For the content validation, the Delphi survey participants achieved consensus after 2 rounds (73 of 160 participants [45.6%] completed both rounds) and determined that there were 4 conceptual domains (of 15 total) which were well-measured by fewer than 3 items in the ORCA, and thus were deemed as inadequately measured by the ORCA: 1) Compatibility of the evidence-based practice with the user or the setting; 2) users' commitment to implementing the evidence-based practice; 3) users' outcome expectancy; and 4) adaptability of the evidence-based practice change to their local setting. These 4 conceptual domains are areas for further development of the ORCA.
Findings from this study suggest potential revisions to the instrument and raise additional questions about how to effectively use this instrument, or similar instruments, to support implementation activities. Findings suggest that a minimum of 6-10 respondents per unit are needed to adequately measure unit-level readiness with the ORCA. The lack of predictive validity of the ORCA may be due to limited unit-level variance in ORCA scores, or due to need for ORCA items to measure additional domains of readiness such as compatibility and outcome expectancy. These are areas for future research.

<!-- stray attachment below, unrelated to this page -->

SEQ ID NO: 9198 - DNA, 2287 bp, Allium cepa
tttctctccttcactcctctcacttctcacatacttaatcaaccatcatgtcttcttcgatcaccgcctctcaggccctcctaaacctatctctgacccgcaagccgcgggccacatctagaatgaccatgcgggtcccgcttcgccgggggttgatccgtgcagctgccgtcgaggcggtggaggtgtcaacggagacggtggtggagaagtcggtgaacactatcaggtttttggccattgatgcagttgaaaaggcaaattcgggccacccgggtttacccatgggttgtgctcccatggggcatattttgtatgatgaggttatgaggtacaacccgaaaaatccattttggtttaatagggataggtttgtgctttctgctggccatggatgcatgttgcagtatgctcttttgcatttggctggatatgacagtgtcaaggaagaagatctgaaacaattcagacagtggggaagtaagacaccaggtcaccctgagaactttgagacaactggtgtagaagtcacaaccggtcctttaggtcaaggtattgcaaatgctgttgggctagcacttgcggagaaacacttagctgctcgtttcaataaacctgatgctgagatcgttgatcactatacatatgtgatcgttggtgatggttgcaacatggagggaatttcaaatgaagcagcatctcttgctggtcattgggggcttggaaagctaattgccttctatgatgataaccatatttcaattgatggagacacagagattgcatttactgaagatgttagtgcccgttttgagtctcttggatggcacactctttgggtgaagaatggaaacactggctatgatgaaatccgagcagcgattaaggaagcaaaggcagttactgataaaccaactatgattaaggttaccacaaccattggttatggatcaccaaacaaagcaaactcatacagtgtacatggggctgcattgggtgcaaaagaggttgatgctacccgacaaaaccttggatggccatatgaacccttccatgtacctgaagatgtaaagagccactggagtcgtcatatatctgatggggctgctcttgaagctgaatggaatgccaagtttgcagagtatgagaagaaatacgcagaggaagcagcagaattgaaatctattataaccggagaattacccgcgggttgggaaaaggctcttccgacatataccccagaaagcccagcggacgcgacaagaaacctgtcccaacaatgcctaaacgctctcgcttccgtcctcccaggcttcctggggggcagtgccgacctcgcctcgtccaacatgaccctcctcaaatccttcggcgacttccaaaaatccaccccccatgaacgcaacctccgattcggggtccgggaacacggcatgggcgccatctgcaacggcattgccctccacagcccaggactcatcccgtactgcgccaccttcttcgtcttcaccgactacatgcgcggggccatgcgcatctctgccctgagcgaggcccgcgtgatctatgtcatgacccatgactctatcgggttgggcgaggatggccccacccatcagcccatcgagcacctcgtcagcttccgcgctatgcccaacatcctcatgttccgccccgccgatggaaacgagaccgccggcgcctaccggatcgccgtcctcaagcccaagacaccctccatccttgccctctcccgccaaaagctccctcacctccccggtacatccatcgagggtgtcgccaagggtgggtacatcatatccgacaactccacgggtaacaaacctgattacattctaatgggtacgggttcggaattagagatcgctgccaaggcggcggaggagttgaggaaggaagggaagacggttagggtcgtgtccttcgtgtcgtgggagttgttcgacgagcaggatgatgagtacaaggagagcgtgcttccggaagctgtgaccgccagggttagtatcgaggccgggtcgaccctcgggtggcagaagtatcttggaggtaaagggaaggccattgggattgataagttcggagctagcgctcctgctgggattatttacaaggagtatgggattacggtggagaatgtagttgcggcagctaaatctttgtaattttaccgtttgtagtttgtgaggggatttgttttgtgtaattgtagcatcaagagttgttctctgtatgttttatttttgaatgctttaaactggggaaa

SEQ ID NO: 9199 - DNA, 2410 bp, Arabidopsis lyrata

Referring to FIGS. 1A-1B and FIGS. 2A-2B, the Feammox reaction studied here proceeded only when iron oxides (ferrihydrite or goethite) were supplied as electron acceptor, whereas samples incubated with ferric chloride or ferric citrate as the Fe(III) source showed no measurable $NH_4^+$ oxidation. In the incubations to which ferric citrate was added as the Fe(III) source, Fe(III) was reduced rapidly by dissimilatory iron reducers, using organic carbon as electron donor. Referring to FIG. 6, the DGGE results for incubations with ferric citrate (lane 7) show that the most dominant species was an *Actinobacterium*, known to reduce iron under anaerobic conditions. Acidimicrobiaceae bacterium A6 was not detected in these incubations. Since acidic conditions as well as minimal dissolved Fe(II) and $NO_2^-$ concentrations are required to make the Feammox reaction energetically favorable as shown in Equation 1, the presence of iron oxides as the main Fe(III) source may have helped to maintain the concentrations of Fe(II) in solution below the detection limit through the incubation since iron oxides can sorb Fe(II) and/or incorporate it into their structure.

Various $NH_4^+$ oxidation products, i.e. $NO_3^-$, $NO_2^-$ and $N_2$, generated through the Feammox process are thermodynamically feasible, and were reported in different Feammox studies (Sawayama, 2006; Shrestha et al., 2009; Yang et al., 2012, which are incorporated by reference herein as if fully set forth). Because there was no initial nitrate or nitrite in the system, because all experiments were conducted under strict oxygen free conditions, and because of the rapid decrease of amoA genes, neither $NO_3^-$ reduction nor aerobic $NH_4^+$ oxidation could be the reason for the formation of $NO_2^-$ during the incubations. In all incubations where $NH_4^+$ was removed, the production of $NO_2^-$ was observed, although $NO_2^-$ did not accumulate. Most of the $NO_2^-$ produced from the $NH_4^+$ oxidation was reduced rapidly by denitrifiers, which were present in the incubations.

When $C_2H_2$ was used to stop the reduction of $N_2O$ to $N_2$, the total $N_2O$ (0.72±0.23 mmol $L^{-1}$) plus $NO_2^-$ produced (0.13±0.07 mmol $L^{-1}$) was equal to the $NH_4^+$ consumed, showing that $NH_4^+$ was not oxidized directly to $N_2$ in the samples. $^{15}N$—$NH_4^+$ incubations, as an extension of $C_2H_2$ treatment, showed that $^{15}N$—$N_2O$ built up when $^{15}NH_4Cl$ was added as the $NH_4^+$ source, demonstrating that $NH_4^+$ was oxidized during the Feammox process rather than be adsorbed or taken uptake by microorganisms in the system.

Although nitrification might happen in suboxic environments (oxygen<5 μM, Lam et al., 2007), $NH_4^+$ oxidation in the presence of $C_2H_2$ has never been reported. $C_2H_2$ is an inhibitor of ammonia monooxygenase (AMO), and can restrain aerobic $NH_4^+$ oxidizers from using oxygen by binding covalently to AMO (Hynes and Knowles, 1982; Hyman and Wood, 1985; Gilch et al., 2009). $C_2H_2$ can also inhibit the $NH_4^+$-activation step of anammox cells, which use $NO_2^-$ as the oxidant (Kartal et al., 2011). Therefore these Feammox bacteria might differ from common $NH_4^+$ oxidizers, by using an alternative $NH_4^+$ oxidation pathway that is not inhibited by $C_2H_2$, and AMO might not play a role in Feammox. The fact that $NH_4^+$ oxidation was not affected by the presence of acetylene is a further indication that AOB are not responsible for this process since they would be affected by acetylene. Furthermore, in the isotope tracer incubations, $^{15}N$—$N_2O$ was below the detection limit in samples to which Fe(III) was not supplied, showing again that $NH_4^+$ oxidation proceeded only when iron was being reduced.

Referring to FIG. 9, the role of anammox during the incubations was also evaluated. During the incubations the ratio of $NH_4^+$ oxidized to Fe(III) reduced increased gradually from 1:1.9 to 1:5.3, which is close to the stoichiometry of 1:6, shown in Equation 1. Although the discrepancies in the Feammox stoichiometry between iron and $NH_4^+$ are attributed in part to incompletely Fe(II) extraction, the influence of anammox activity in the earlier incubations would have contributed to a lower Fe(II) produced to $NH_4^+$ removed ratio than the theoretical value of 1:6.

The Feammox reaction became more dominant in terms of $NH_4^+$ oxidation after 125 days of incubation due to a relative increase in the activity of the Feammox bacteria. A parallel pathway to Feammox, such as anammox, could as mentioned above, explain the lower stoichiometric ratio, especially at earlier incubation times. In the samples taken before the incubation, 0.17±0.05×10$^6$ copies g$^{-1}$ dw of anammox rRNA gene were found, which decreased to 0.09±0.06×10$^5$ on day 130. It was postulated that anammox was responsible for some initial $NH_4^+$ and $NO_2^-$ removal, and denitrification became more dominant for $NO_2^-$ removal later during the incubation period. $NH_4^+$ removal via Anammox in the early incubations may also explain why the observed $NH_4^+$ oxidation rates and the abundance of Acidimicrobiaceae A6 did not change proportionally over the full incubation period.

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Grant Number: I01HX000214-01A1